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Vijay Rupani perfect to promote Hindutva agenda 

Vijay Rupani may not be a tall BJP leader, but with his roots in the RSS is seen as someone who can contain a revivified Opposition

Written by Leena Misra |
Updated: December 27, 2017 5:15:44 am
Vijay Rupani takes oath as Gujarat Chief Minister Vijay Rupani takes oath as Gujarat Chief Minister during the swearing-in ceremony at Gandhinagar, Ahmedabad on Tuesday. (Source: PTI)

Having lost six ministers, and a Speaker in the recently concluded assembly elections, the priorities for the BJP, which is looking at a second term for a Narendra Modi led government in the 2019 general elections, is to keep the status quo in Gujarat.

Retaining Vijay Rupani as chief minister and Nitin Patel as his deputy, especially after the Saurashtra region cut the ruling party’s strength down by 11 seats in the current election, was thus imperative, to assuage the region which has been the bedrock of the BJP’s rise in the 1990s. From 1995, when it gave 32 of 52 seats to the BJP which went on to form the first government in Gujarat under the chief ministership of Keshubhai Patel, the BJP is down to 19 (of 48 seats post delimitation), indicating a loss of Patidar votes from the region.

It is also noteworthy that after 1998, when the BJP won 45 of 52 assembly seats and all the seven Lok Sabha seats in Saurashtra when the elections to both were held together, the BJP presence in the region had gone down marginally. The 1998 assembly election when the BJP put up its best show in Saurashtra was also contested by the breakaway BJP group led by Shankersinh Vaghela- the All India Rashtriya Janata Party (AIRJP), which won only four seats, of which only one was in Saurashtra.

Rupani may not be seen as a tall leader in the BJP, but with his roots in the RSS and ability to steer clear of controversy he is seen as someone who can contain the opposition. Most importantly, he represents the Rajkot West seat from where Narendra Modi won his first election in 2001 with Rupani as his election manager. Rajkot which has been a BJP bastion, is also seen as the party’s ‘talisman’. Keshubhai Patel, the BJP’s first chief minister belonged to Rajkot, although he won the elections from Visavadar seat.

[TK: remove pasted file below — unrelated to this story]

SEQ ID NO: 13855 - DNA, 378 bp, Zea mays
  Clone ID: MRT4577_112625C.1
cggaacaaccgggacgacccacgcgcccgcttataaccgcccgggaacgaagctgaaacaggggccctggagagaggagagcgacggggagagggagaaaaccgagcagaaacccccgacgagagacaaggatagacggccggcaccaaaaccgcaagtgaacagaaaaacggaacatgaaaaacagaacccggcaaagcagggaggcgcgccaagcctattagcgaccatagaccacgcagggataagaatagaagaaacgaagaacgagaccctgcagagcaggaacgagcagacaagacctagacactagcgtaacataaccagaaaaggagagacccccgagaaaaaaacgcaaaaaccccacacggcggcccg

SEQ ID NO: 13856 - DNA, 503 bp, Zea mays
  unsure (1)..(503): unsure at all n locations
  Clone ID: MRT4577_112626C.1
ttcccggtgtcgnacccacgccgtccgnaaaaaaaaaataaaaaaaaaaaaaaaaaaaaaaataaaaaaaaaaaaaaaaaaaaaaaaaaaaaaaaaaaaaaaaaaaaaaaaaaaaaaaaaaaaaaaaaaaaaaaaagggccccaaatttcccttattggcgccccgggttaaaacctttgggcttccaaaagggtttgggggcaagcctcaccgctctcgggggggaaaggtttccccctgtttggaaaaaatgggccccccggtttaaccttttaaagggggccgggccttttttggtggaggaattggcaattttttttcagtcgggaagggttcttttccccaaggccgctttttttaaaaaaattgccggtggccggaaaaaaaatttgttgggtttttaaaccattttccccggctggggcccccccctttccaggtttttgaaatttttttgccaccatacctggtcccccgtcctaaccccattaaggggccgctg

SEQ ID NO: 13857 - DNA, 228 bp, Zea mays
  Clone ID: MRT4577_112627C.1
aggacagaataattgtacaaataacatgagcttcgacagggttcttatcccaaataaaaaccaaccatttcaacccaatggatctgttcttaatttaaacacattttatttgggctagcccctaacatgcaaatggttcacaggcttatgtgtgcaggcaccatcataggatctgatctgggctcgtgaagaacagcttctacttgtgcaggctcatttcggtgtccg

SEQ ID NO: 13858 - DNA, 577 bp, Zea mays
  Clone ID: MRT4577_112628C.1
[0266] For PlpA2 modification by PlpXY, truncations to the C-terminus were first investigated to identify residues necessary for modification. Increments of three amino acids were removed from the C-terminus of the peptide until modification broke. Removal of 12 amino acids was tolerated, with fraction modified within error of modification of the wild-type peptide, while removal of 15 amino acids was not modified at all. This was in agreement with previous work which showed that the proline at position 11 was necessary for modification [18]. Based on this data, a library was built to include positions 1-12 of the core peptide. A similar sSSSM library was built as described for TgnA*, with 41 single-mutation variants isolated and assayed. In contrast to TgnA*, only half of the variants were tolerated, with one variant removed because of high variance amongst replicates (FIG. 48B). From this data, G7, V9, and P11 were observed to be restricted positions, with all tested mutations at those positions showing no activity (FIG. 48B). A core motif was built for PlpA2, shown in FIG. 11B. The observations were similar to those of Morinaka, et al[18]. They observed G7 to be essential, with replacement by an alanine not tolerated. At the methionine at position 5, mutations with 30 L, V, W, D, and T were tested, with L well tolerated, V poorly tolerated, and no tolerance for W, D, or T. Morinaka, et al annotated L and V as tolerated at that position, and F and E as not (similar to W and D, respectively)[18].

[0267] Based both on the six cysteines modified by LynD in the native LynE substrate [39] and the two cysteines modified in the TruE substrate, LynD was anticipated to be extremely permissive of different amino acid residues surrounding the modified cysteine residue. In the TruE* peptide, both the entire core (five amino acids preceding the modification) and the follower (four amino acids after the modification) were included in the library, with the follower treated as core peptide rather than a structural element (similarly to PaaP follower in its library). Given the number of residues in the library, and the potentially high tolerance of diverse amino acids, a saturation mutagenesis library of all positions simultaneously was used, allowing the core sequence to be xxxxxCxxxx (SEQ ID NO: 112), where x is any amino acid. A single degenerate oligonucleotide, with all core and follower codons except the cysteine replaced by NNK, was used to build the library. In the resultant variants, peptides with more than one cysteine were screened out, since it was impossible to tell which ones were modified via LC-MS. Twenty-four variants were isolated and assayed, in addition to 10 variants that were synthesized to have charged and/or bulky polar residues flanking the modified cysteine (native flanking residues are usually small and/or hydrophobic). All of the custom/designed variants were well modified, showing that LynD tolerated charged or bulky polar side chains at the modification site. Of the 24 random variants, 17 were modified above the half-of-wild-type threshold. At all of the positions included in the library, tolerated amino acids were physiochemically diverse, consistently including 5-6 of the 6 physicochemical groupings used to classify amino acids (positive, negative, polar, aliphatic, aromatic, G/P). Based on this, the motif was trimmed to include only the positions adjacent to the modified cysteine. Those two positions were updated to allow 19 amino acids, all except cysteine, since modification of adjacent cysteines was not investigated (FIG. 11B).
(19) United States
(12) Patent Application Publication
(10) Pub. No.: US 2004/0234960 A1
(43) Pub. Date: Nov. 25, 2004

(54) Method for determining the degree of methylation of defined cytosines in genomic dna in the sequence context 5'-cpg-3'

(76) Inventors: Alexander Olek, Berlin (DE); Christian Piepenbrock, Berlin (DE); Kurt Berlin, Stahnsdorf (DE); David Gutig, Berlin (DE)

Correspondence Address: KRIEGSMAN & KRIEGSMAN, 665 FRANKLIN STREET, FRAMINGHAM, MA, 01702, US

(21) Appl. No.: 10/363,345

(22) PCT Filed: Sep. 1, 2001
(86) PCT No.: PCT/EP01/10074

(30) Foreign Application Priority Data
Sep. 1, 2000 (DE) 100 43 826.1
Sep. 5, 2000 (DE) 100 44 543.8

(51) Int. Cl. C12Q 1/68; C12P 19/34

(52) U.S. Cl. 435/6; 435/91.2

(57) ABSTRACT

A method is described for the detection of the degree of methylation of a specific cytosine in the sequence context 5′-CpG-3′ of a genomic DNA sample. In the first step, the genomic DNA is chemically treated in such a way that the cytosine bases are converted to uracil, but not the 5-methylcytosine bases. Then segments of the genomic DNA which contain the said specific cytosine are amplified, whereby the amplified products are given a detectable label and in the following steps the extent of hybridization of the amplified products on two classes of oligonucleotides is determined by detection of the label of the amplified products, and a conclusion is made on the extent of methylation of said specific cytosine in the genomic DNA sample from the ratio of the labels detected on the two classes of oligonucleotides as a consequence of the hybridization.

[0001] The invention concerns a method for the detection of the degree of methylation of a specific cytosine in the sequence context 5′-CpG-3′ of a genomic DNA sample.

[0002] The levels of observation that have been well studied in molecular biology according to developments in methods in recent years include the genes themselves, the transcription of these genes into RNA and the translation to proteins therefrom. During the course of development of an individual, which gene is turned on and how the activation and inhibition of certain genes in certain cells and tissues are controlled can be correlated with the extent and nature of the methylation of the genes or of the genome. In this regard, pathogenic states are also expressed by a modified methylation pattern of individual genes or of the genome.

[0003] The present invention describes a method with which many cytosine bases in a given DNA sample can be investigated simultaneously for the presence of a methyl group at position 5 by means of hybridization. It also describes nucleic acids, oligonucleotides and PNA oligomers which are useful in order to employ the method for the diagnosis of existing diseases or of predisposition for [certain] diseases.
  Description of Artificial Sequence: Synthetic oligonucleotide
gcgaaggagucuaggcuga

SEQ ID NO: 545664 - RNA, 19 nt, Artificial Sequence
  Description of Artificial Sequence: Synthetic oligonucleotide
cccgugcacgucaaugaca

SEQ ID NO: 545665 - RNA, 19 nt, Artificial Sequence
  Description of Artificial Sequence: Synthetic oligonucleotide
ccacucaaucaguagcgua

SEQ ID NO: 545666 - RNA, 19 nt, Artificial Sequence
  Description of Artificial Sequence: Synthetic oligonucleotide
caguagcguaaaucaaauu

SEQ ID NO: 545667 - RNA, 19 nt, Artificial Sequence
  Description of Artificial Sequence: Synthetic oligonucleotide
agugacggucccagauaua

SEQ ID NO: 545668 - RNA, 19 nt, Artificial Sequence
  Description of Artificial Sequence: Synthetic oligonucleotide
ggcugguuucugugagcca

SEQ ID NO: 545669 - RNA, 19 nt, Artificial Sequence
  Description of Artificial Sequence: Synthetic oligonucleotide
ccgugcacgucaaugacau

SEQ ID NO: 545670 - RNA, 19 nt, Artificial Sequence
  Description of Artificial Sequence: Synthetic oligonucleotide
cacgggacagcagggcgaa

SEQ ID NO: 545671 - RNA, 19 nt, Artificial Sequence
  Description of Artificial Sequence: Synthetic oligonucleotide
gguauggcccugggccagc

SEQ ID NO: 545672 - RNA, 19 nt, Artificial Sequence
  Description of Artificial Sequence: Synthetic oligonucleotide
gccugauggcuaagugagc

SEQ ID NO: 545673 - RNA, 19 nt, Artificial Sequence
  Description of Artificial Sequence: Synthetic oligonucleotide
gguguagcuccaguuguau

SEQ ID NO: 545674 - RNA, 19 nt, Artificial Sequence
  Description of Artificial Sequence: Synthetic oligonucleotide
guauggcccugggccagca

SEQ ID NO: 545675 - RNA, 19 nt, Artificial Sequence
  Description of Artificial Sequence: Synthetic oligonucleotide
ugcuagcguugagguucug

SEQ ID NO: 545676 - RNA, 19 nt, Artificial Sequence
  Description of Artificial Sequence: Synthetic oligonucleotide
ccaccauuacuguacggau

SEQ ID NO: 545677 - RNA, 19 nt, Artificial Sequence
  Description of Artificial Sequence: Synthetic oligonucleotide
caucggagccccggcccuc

Although BJP president Amit Shah had declared Rupani as the party’s “CM face” and said that the elections would be fought under his leadership, in the course of the election there were doubts raised even on his retaining his own seat with the Congress putting up a formidable candidate, Indranil Rajyaguru, against him. Eventually, however Rupani won with a huge margin of over 50,000 votes.

For many in the BJP, Vijay Rupani’s career graph has been enviable. After winning the byelection to the Rajkot west seat which was vacated when BJP veteran Vajubhai Vala was sent to Karnataka as governor, Rupani was appointed cabinet minister for water supply, transport, labour and employment in Anandiben Patel government in 2014 and at the peak of the Patidar quota agitation was also made Gujarat BJP chief in 2015. He was allowed to keep both jobs, as an exception. He soon replaced Anandiben, to become the 16th chief minister, in the following year.

Now with activist legislators Jignesh Mevani, Alpesh Thakor and former Patidar quota leader Lalit Vasoya, powering a renewed and larger opposition bench of the Congress, Rupani, being a Jain and therefore seen as ‘caste neutral’ is the best defensive player for the BJP to hold the fort at least till the national elections in 2019. Before that, in January 2019 the state will also host the Vibrant Gujarat summit.

Besides, Prime Minister Narendra Modi who can be credited for changing the course of the election in its final moments, might not be able to spare as much time to campaign in the national election in Gujarat, having vacated the Vadodara seat in the Lok Sabha which he won in 2014, in favour of Varanasi.

The party also has to win back the angry Patidars who voted against it from Saurashtra, to be able to repeat the feat of 2014 when Gujarat did not give a single of its 26 Lok Sabha seats to the Congress. To patch the caste polarisation betrayed in the assembly election, the BJP will have to seek recourse to the RSS’s Hindutva umbrella as a counter to the Congress’s ‘soft Hindutva’ plan under the leadership of a re-invented Rahul Gandhi. Rupani can be the perfect vehicle to further this agenda, his last government having set examples with the tightening of the cow protection law and the stress in his speeches on Gaay, Ganga and Ram Mandir.

Rupani’s new dispensation has five MLAs from Saurashtra and six Patidars. Kishor Kanani who makes his debut as minister, is a Patidar MLA from Varachha in Surat, has origins in Saurashtra and could be taken as the sixth Kathiawadi in the ministry. Rupani’s latest bio data sent out by the government also describes him as a “safal andolankar (successful activist), who led the movement for waiving off fees for Economically Backward Class (EBC) students”, a purported message to the new legislators on the opposite side.

The Congress with its entire top brass defeated in the assembly elections and former Leader of Opposition Shankersinh Vaghela gone, is expected to be a more aggressive challenger in the house.

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